Green Party Says “State of the State” Dire on Climate, Grassroots Democracy, Social and Economic Justice in New York
1/4/22 - Ahead of Governor Hochul’s Wednesday State of the State Address, Green Party leaders are putting the Democrats on notice as failing to deliver on the climate emergency, grassroots democracy, and social and economic justice in New York, despite years of state control.
“Real leadership from the governor’s mansion would look like helping passage of the New York Health Act by including it in the 2022-23 budget, ensuring single-payer universal healthcare to all New Yorkers,” said Green Party of NY Co-Chair Gloria Mattera. “That is the kind of agenda we will set in the 2022 elections with our statewide and state legislature candidates.” Green Party officers said they will also make an issue of reforming New York to be the nation’s gold standard for ballot access, reversing the draconian restrictions put in place to sabotage smaller parties during Andrew Cuomo’s corrupt and abusive administration.
“Democrats have cynically claimed the mantle of ‘saviors of democracy’ while purging candidates and parties to their left from the ballot,” said Green Party of NY Co-Chair Peter LaVenia. “Candidate suppression is a form of voter suppression. Reasonable ballot access for parties, such as 50,000 votes for any statewide candidate in a four-year election cycle or a statewide ballot access petition that can be collected over an extended period, would mean more choices for voters on election day,” said LaVenia. The Green Party said, at a minimum, the petitioning requirements for independent statewide candidates should be restored to the previous quota of 15,000 signatures and the period for collection expanded from 42 days to 60 days.
Green Party leaders said a responsible State of the State agenda must also outline immediate action on the climate emergency, which has largely stalled two years after passage of the CLCPA. Greens want to see $15 billion in funding for climate initiatives in state budgets, a halt on all new fossil fuel infrastructure including the CPV fracked gas plants operating without permits, and the Governor’s support for bills that would allow NYPA and local public power systems to build renewable energy projects, and to democratize NYPA’s board.
“It is long past time for New York to adopt the Green New Deal our party first proposed in 2010, with a 10-year commitment to move to 100% renewable energy, zero emissions,a public program of guaranteed living wage jobs, guaranteed minimum income, single-payer healthcare, housing, and education that would address a just transition to a renewable and sustainable future,” said Mattera.
Greens said they would campaign in 2022 for a fair ballot access law to replace the most restrictive ballot access law in the nation, which was passed under Gov. Cuomo’s direction in 2019. The Greens also said they would campaign for ranked-choice voting in statewide elections (executive office, US Senator, President) and for proportional representation in the state legislature through ranked-choice voting in multi-member districts.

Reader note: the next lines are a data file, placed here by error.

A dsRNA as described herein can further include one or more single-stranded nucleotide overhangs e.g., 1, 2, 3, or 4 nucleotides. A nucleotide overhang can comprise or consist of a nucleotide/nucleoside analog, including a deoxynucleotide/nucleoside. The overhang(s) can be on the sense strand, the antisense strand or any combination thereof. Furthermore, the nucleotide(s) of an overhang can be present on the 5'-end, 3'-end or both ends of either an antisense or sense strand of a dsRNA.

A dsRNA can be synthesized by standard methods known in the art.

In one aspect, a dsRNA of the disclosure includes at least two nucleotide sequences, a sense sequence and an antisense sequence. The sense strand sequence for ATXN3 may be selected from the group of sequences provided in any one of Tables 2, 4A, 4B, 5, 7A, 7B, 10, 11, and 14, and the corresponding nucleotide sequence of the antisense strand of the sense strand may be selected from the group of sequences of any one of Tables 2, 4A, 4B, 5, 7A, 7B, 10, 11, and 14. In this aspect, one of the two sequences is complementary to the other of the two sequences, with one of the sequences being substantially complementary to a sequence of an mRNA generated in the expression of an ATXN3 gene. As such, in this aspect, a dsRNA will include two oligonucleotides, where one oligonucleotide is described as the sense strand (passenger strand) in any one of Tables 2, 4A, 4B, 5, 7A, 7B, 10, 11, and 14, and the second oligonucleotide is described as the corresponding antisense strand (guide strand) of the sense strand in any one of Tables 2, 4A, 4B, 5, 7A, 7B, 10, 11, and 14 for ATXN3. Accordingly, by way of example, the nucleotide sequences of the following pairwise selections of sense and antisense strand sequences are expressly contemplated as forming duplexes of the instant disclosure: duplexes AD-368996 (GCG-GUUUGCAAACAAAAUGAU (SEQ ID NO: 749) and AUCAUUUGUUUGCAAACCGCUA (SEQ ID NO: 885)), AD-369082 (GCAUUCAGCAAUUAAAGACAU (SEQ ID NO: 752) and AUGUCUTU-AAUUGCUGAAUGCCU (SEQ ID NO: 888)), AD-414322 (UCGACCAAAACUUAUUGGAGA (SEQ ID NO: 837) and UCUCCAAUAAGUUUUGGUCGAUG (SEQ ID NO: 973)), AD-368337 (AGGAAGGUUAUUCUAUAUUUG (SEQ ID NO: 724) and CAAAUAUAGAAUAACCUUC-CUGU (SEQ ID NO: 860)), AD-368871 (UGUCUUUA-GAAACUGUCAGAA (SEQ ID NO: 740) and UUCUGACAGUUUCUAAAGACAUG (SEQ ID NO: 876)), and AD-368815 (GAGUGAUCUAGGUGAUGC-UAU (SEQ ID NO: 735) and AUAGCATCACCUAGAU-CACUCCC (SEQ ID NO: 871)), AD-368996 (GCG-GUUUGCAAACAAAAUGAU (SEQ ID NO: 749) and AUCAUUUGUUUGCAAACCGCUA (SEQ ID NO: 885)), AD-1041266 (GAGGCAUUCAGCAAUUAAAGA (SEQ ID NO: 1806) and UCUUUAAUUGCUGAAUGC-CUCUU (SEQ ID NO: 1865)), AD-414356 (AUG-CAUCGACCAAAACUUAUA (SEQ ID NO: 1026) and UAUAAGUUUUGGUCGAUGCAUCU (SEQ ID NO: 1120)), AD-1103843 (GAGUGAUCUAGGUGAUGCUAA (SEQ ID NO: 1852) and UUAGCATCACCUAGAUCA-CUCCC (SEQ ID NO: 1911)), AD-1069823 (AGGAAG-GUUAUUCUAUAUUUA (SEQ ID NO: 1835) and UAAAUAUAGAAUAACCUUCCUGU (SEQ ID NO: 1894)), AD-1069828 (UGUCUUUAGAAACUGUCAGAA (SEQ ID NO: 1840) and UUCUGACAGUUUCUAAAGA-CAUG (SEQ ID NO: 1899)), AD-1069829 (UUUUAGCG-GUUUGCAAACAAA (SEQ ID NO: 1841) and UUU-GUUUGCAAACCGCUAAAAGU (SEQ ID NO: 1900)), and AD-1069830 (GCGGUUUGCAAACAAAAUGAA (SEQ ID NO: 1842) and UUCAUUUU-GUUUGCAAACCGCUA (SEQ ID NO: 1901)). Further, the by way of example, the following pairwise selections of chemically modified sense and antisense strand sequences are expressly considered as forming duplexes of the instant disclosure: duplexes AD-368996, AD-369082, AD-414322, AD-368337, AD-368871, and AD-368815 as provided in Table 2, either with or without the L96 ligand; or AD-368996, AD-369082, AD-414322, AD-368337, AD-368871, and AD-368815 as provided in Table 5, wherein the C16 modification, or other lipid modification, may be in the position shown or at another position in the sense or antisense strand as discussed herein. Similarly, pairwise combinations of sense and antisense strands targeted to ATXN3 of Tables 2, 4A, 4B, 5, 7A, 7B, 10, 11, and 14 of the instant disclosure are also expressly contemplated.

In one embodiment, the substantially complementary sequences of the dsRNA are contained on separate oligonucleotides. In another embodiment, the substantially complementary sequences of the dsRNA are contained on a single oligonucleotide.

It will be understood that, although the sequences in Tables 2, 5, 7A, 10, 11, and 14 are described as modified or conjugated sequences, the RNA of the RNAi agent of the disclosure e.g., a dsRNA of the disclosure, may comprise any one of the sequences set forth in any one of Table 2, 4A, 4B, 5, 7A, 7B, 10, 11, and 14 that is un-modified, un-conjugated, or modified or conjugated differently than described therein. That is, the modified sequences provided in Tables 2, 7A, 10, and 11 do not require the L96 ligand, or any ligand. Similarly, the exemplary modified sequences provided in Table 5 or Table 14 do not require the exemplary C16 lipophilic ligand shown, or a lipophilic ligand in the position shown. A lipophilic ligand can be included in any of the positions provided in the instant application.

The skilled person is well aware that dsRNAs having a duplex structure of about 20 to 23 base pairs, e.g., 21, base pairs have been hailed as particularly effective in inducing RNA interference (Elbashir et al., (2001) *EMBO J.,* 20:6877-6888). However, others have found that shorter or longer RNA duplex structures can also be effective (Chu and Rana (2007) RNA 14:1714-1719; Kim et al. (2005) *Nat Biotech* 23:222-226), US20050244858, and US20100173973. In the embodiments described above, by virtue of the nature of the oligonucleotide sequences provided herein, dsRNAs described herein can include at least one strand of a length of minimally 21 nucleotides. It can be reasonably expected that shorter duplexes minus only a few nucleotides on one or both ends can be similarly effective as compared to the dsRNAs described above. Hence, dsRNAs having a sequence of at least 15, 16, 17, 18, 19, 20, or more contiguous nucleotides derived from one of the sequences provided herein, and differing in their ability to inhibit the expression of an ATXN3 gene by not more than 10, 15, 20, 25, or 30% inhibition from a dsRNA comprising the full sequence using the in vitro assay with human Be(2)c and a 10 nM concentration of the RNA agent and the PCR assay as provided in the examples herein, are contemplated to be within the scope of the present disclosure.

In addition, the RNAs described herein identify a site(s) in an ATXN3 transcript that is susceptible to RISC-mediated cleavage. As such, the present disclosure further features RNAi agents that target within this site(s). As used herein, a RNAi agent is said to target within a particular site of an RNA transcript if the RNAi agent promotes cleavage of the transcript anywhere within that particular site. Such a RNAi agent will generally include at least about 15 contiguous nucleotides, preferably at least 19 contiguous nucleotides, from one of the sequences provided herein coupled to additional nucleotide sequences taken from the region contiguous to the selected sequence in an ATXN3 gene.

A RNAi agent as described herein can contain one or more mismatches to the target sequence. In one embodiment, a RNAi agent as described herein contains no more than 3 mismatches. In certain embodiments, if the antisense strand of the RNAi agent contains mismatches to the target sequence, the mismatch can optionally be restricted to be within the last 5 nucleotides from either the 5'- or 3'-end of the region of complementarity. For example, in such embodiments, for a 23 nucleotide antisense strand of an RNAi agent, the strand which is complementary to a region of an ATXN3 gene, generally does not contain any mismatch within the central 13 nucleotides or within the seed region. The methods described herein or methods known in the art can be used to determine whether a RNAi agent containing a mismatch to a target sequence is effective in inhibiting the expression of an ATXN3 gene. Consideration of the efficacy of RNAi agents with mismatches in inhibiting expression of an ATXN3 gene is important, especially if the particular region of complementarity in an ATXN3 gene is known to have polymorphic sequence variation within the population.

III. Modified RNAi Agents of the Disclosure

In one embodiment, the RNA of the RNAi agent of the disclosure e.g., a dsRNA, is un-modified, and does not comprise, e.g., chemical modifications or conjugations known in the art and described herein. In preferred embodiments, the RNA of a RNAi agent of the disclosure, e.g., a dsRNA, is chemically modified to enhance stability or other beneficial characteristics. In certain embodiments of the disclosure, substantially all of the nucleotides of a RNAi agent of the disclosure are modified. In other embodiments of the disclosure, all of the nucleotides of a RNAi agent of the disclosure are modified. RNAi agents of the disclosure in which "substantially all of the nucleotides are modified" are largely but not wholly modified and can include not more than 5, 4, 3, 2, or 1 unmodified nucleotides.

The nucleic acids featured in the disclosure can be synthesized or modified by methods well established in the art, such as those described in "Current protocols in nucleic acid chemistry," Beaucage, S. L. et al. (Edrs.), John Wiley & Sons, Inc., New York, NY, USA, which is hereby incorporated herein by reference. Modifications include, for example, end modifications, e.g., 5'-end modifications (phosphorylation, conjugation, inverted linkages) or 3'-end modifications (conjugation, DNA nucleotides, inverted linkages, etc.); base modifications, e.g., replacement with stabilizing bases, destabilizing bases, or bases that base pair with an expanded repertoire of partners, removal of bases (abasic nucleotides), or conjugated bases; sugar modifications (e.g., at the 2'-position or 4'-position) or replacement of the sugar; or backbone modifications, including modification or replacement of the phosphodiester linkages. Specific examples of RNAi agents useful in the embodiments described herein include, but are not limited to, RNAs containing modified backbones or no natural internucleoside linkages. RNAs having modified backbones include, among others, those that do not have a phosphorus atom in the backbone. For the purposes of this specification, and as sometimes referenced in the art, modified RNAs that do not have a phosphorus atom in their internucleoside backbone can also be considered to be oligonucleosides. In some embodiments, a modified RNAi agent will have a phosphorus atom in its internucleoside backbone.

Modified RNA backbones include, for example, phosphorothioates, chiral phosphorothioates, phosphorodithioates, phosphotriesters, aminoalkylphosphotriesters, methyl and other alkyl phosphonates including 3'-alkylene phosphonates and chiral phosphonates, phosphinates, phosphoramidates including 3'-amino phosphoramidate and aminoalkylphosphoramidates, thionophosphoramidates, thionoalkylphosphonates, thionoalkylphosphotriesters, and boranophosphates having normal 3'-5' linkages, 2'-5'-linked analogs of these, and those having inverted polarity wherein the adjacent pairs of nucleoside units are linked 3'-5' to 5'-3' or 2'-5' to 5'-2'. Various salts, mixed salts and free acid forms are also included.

On healthcare, Greens said the impending retirement of State Assemblymember Richard Gottfried, champion of the long-overdue NY Health Act, must be a wake-up call for those who want New York to lead the way to single-payer. “The pandemic has exposed the vast inequalities of American healthcare and its link to the workplace,” said LaVenia. “The ease with which New Yorkers have had access to state-provided testing and vaccination is a model for how well-funded, universal, single-payer healthcare would work. In addition, it would eliminate the injustices of medical debt and bankruptcies, minimize the cost of healthcare by reducing bureaucracy, and set fair prices for healthcare provision and pharmaceutical prices.
The Green Party will campaign in 2022 on raising taxes on the wealthy and corporations to help fund these needed social and economic programs. Greens have long been proponents of highly progressive income tax brackets like New York had in the 1970s, which would cut taxes for most New Yorkers. They said taxes should be raised on corporations as well, and a stock transfer tax implemented. Greens said that implementation of the New York Health Act would also allow for property tax cuts, since a major portion of local budgets are spent on Medicaid and public employee health insurance, which would be replaced by the single-payer, universal plan.
Finally, Green leaders warned Gov. Hochul to not fail New Yorkers by backing down on criminal justice reforms. They urged her to reject the push by District Attorneys, suburban Democratic lawmakers, and the police to roll back bail reforms, and they said Gov. Hochul should begin a statewide process of providing funding for nonviolent response teams and social workers rather than police as well as ending qualified immunity. They also said that Gov. Hochul should push the Office of Cannabis Management to finalize regulations and start issuing licenses needed to begin supplying, shipping, and selling legal cannabis in 2022, and not delay into 2023.
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